One week ago the North Broward Hospital District (Broward Health) agreed to pay a record $69.5 million to the State of Florida to settle allegations that it violated the False Claims Act, the federal Anti-Kickback Statute and the Stark Law.  That record didn’t last long, however, as the US Justice Department (DOJ) announced on Monday that Adventist Health System (Adventist) has agreed to pay $118.7 million to four states and the federal government to settle whistleblower claims filed by three former Adventist employees.  The Adventist settlement is now the largest healthcare fraud settlement ever made, though how long this record lasts remains to be seen - FCA settlement records seem to be falling with alarming regularity as the DOJ continues to pursue cases of healthcare fraud with extreme vigor.

The whistleblowers in the Adventist case, a hospital system with facilities in 10 states, alleged that Adventist paid doctors for referrals in Florida, North Carolina, Tennessee, and Texas.  In addition to compensating doctors excessively for referrals, and in one case, paying for leases on both a BMW and a Mustang for a physician, Adventist was accused of unbundling services and submitting them as separate claims in order to get larger reimbursements from the government and submitting claims for services that were not documented in patient files.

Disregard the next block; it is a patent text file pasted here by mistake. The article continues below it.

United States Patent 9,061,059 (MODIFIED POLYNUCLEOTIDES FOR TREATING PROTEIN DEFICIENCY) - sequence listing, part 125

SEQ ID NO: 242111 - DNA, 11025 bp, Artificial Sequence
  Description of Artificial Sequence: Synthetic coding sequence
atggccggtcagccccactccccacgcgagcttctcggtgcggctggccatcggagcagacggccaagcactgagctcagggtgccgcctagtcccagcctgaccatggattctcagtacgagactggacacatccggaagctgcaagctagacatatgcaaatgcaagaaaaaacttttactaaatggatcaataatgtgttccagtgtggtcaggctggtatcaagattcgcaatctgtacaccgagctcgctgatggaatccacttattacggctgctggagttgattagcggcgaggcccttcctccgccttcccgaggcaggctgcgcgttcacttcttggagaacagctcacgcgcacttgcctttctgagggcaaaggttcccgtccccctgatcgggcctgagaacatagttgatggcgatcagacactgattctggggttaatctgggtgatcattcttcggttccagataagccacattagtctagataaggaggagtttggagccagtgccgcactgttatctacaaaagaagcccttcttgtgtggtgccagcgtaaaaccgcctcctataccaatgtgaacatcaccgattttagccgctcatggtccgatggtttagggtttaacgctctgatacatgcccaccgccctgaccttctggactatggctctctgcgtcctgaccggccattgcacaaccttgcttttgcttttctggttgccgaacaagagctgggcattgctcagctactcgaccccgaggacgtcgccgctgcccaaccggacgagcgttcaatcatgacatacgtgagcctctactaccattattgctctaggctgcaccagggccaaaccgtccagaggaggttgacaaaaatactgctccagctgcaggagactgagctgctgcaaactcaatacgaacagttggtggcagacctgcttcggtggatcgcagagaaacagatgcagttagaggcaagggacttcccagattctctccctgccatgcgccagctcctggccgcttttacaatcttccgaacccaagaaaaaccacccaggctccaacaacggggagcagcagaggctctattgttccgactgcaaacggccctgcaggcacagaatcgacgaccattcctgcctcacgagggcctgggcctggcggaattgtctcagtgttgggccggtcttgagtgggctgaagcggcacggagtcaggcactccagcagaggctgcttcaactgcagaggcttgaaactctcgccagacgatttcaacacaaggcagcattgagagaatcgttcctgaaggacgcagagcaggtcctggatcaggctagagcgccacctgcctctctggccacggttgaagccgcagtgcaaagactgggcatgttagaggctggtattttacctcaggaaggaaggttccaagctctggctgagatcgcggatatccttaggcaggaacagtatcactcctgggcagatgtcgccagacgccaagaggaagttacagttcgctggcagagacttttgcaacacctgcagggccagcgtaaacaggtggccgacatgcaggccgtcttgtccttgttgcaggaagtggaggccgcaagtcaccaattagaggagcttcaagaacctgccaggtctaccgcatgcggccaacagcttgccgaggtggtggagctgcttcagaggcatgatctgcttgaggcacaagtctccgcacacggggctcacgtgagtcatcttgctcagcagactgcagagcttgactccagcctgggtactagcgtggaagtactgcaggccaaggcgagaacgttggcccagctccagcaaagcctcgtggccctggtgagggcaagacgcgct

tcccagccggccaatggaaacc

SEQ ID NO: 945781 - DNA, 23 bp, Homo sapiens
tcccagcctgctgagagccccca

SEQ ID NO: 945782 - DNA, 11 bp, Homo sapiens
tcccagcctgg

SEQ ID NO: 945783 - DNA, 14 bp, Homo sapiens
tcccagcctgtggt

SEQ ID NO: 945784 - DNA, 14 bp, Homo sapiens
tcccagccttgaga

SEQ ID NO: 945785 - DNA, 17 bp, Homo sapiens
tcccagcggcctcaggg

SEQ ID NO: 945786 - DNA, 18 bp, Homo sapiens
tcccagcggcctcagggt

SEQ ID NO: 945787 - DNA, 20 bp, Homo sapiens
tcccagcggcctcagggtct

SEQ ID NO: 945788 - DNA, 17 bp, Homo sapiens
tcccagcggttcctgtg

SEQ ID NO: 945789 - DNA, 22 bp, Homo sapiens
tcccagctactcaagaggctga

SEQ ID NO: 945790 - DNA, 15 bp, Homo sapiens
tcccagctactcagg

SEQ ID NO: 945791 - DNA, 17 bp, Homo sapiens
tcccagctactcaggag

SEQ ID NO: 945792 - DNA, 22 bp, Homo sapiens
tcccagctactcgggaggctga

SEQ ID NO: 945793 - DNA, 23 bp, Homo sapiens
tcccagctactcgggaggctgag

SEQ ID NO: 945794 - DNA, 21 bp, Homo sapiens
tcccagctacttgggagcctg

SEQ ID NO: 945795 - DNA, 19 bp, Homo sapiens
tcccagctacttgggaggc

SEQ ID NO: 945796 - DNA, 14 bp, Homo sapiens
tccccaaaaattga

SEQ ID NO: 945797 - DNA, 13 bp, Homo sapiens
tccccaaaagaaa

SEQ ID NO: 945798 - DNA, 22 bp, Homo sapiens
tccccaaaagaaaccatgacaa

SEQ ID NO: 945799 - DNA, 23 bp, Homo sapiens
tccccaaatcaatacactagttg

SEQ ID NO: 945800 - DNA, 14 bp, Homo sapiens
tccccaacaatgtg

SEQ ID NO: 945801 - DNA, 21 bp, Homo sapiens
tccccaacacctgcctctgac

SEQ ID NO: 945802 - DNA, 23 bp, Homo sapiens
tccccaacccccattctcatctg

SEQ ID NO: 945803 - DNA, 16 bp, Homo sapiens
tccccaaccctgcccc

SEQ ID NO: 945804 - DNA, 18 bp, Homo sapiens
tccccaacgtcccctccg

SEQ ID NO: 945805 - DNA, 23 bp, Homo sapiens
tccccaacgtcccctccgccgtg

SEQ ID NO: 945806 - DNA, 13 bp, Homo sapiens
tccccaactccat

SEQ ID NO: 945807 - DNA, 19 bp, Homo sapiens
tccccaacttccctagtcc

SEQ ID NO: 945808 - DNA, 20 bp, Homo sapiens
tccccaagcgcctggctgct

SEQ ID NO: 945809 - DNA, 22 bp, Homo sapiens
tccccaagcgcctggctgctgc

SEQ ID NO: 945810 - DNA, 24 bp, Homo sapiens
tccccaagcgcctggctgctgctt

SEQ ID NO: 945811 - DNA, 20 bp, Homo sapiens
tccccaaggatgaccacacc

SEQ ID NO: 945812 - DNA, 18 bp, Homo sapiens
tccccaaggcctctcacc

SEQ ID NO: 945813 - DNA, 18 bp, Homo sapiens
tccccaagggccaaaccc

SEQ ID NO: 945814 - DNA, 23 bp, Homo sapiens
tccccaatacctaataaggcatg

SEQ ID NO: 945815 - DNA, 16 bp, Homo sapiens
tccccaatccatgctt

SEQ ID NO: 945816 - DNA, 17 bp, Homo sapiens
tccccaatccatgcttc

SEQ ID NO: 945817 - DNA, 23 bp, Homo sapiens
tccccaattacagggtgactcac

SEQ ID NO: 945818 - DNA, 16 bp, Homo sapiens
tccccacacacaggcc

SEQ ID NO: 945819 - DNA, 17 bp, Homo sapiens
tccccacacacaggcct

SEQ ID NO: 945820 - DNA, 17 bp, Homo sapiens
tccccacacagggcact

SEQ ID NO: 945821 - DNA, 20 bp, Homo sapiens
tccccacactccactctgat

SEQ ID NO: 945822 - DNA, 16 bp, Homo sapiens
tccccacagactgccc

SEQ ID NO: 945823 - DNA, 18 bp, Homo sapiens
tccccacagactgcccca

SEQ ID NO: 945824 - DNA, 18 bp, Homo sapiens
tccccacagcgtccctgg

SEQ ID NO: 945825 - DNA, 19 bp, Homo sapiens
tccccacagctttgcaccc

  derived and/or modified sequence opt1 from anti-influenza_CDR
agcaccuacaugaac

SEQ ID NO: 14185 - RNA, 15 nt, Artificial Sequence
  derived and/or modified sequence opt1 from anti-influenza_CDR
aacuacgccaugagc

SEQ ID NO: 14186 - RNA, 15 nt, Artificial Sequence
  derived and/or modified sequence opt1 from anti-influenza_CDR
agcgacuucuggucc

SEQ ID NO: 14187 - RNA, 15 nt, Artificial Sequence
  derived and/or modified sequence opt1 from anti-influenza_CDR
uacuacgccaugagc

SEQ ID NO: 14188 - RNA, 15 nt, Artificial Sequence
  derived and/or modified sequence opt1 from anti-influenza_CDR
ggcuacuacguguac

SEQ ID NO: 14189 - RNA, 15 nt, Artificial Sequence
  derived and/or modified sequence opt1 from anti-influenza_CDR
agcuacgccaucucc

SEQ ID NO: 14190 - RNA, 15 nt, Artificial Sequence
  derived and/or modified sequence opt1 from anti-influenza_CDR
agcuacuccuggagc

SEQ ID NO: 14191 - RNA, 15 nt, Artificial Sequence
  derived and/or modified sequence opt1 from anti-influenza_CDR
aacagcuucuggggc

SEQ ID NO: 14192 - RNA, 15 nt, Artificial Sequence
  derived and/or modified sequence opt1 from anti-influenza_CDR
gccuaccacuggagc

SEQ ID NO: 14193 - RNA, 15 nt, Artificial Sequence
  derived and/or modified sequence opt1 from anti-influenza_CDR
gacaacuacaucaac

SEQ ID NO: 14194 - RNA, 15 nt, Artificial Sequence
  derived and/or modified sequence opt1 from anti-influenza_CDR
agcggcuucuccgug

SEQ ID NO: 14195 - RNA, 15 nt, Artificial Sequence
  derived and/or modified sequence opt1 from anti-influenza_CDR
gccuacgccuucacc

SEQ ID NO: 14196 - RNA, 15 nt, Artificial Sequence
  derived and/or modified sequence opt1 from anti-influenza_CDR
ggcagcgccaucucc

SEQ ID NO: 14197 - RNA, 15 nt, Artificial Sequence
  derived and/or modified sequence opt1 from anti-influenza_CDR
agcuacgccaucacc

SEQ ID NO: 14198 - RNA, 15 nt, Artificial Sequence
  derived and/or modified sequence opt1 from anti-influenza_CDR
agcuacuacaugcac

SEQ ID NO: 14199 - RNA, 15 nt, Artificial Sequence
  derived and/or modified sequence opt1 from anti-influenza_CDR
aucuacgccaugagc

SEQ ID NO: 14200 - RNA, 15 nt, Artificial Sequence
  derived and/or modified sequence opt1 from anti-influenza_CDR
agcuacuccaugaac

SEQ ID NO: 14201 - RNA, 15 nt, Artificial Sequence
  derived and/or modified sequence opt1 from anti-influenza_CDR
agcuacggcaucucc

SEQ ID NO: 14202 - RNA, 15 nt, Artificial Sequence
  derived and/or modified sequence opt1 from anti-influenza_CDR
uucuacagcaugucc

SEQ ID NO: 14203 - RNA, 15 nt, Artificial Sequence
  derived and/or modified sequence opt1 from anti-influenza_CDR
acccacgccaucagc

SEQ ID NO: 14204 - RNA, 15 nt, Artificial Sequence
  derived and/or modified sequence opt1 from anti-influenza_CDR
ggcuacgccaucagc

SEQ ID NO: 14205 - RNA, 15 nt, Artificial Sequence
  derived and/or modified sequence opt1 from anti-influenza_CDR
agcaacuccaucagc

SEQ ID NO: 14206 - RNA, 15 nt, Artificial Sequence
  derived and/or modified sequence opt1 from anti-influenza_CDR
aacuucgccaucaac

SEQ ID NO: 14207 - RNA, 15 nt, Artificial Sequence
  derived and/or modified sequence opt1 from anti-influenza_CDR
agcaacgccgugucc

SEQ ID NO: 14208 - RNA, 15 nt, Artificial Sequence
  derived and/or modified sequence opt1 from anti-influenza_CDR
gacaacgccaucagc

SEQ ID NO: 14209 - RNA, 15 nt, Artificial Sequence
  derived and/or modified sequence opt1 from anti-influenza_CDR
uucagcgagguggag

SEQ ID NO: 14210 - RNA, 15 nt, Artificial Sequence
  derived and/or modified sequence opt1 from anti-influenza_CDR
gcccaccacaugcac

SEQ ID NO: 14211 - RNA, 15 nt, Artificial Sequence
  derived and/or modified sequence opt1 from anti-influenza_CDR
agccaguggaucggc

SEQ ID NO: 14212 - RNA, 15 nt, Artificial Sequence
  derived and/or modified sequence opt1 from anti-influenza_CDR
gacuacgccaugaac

In an oft-repeated refrain from numerous federal attorneys across the United States, Acting U.S. Attorney Jill Westmoreland Rose said in a news release, “Adventist-owned hospitals… allegedly paid doctors’ bonuses based on the number of test(s) and procedures they ordered. This type of financial incentive is not only prohibited by law, but can undermine patients’ medical care. Would-be violators should take notice that my office will use the False Claims Act to prevent and pursue health care providers that threaten the integrity of our healthcare system and waste taxpayer dollars.”

In order to prevent the abuse of government programs like Medicare and Medicaid, the DOJ continues to aggressively pursue health care providers under both the Stark law, which regulates the financial relationships between hospitals and doctors who refer patients to them, and the False Claims Act. As evidenced by the record-setting settlements in both Broward Health and Adventist, the monetary penalties for health care systems that fail to adhere to the law can be substantial.  Given the potential liability for non-compliance, and the increased focus on enforcement seen in the last several years, health care providers must count compliance with statutes regulating financial relationships with physicians and claims against federal health care reimbursement programs as among their highest priorities.